Social Media is celebrated for its power to cultivate influential relationships and foster viral conversations. As consumer attention shifts away from traditional mediums and migrates to the golden triangle of mobile, PC, and next generation Web appliances, businesses are racing to engage in the hopes of capturing fleeting awareness and igniting affinity.
I’ve been writing about how Social Media links are impacting Search Engine results lately. It’s really an area we have consciously tried to stay ahead on because we think that Social Media link sharing is going to have an even greater impact on search in the future.
Social media is maturing as are the people embracing its most engaging tools and networks. Perhaps most notably, is the maturation of relationships and how we are expanding our horizons when it comes to connecting to one another. What started as the social graph, the network of people we knew and connected to in social networks, is now spawning new branches that resemble how we interact in real life.
For companies trying to make sense of social media and online marketing, it’s important to take a step back from all the “TwitFaceBlogTubeIn” mania for a second and look at the nature of how these things are going to work for the overall business.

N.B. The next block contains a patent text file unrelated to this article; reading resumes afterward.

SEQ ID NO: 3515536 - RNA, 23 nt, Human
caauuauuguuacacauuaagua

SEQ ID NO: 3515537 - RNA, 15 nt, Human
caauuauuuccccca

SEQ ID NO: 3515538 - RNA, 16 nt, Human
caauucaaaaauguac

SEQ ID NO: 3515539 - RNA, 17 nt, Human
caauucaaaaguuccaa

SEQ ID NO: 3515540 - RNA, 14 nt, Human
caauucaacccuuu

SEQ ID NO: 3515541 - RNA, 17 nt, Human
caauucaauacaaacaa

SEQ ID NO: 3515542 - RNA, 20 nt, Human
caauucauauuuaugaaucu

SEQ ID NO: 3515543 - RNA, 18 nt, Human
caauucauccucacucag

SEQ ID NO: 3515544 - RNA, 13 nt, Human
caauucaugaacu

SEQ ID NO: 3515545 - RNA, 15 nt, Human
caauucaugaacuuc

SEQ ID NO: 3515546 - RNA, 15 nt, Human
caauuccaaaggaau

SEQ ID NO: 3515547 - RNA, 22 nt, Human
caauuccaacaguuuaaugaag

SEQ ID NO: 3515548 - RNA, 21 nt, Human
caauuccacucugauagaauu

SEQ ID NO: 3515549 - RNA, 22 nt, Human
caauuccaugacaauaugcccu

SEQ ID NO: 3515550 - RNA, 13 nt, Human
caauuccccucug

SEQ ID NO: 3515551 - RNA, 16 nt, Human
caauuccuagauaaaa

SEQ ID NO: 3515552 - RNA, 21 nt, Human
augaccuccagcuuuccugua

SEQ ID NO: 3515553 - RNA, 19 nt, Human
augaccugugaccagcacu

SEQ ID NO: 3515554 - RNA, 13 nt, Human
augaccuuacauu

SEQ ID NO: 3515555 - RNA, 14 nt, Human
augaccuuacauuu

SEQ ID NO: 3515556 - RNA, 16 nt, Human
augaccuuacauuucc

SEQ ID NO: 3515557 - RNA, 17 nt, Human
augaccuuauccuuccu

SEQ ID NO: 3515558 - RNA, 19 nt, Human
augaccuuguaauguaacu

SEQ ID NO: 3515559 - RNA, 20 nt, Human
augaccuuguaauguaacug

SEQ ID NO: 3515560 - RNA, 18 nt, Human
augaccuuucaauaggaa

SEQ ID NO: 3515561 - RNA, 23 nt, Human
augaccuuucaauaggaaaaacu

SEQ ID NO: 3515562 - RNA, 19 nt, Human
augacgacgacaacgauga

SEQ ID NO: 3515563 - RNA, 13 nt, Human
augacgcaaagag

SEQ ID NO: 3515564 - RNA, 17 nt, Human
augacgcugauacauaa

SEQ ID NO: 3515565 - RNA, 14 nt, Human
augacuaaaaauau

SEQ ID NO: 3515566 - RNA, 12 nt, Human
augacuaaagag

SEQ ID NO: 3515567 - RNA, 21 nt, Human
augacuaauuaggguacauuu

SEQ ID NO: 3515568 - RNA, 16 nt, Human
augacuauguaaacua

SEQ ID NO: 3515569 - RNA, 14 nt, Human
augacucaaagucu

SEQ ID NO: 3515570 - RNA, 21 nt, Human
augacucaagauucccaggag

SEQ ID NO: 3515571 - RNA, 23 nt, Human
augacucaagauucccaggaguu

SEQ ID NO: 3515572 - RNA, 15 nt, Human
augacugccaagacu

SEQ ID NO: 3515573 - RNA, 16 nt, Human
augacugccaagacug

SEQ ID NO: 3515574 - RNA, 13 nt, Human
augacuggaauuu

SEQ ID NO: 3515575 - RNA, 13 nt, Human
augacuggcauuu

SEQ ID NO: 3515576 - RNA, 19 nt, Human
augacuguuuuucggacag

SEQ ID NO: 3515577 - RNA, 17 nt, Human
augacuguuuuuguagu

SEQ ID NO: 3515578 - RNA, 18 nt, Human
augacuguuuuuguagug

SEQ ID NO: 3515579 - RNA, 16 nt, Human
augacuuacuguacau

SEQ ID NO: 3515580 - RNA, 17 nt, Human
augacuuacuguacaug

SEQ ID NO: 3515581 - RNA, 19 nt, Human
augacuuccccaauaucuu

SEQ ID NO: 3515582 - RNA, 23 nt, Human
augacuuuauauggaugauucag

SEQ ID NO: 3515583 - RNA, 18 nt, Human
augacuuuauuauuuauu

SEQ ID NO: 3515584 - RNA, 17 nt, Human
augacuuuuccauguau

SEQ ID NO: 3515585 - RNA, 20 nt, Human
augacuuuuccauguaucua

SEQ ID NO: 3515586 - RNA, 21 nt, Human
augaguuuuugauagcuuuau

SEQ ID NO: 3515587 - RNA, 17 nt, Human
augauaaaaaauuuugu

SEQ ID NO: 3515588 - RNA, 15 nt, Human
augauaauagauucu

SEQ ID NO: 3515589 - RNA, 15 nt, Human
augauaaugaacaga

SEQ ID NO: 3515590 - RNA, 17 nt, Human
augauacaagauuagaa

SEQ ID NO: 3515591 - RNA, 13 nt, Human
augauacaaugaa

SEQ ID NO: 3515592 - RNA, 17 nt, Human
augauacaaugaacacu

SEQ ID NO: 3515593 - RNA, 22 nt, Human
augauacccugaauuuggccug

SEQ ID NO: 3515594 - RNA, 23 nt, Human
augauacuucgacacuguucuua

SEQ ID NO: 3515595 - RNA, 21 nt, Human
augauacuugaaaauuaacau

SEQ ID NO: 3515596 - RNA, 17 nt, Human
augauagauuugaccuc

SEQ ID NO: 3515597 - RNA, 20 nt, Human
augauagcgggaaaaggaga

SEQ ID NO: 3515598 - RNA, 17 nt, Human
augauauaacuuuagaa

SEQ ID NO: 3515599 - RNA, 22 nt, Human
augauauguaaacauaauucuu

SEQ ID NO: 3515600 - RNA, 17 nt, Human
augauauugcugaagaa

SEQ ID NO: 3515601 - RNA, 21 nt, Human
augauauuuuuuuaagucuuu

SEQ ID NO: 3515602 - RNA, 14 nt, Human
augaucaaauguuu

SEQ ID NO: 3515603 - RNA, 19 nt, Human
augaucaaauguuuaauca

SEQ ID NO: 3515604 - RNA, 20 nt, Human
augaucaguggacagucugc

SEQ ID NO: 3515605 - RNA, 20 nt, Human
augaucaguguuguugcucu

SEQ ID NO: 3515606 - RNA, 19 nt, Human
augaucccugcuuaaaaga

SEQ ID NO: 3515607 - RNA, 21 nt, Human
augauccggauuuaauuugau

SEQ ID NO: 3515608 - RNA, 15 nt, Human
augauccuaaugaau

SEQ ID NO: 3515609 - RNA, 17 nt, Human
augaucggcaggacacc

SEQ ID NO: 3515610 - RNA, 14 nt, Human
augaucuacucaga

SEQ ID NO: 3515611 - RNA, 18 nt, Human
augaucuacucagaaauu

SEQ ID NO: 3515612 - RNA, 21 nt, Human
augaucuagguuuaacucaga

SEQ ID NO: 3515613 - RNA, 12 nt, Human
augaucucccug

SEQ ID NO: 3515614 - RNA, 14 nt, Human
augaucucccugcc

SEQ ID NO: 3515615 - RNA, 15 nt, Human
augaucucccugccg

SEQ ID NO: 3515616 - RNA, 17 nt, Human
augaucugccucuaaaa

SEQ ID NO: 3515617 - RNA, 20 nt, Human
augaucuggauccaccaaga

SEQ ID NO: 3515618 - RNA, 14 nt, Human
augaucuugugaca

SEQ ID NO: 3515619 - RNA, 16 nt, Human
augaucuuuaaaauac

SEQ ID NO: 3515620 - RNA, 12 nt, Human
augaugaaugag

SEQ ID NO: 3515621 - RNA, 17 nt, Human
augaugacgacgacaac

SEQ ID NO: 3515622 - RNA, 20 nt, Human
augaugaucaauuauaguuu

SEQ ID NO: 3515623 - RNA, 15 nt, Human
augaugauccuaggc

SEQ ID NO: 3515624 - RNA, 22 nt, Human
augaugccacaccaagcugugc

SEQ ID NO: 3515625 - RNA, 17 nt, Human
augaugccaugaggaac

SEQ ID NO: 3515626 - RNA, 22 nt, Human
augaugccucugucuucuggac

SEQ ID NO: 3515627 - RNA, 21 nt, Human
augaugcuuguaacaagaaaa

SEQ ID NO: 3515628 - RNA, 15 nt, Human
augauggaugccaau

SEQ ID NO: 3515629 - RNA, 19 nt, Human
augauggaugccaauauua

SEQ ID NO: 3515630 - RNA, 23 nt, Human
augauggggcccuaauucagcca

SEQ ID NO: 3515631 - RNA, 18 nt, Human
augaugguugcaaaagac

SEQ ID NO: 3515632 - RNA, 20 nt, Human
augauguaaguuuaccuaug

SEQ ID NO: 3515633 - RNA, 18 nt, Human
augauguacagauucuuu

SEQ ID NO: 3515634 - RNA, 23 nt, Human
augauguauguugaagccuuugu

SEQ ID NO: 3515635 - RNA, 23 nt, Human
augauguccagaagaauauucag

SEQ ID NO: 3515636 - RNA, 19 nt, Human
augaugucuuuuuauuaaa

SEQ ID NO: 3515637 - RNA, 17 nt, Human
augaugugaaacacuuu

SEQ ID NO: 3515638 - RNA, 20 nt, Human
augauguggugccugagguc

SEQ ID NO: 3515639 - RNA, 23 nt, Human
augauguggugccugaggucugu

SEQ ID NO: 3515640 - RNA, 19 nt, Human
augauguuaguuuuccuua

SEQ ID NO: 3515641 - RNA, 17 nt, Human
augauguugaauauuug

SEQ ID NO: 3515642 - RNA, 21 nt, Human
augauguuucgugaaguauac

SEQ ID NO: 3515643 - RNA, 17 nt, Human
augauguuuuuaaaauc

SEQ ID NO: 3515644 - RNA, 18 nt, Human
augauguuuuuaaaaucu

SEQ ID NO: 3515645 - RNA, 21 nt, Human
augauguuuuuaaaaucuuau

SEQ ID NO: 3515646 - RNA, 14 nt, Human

A few months ago Facebook officially did away with the idea of adding “boxes” of custom content to Facebook pages and instead forced users into adding “applications” as the primary way to add custom layouts, tabs and content.
While this change is old news and has been covered widely, Facebook continues to tinker with the interface and so I’ve been getting lots of questions again about the steps involved in adding custom content and thought I would do a quick tutorial.
People say social media is unicorn, but it’s really just a horse.
Sure, social media empowers customers like nothing before it. And of course, social media creates a new level of real-time accountability for companies previously accustomed to asynchronous communication. These are the ways social media is different. But in other ways, it’s largely the same.
Let’s compare email marketing and social media.
The concept of quality over size when it comes to an audience is nothing new, and frankly when it comes to social media, the sermon is getting a little tired. We’ve heard it plenty of times.
However, Twitter has been sharing some interesting information on its media blog lately that really drives the point home, providing data to back up the notion that quality over quantity is important when building a healthy Twitter following.
People who say social media isn’t measurable aren’t looking very hard.
The truth is that there are at least 25 viable metrics you can use to evaluate the success of your social media efforts. The challenge isn’t measurability, it’s knowing which measures are meaningful.
Here are the 6 critically undervalued social media success metrics.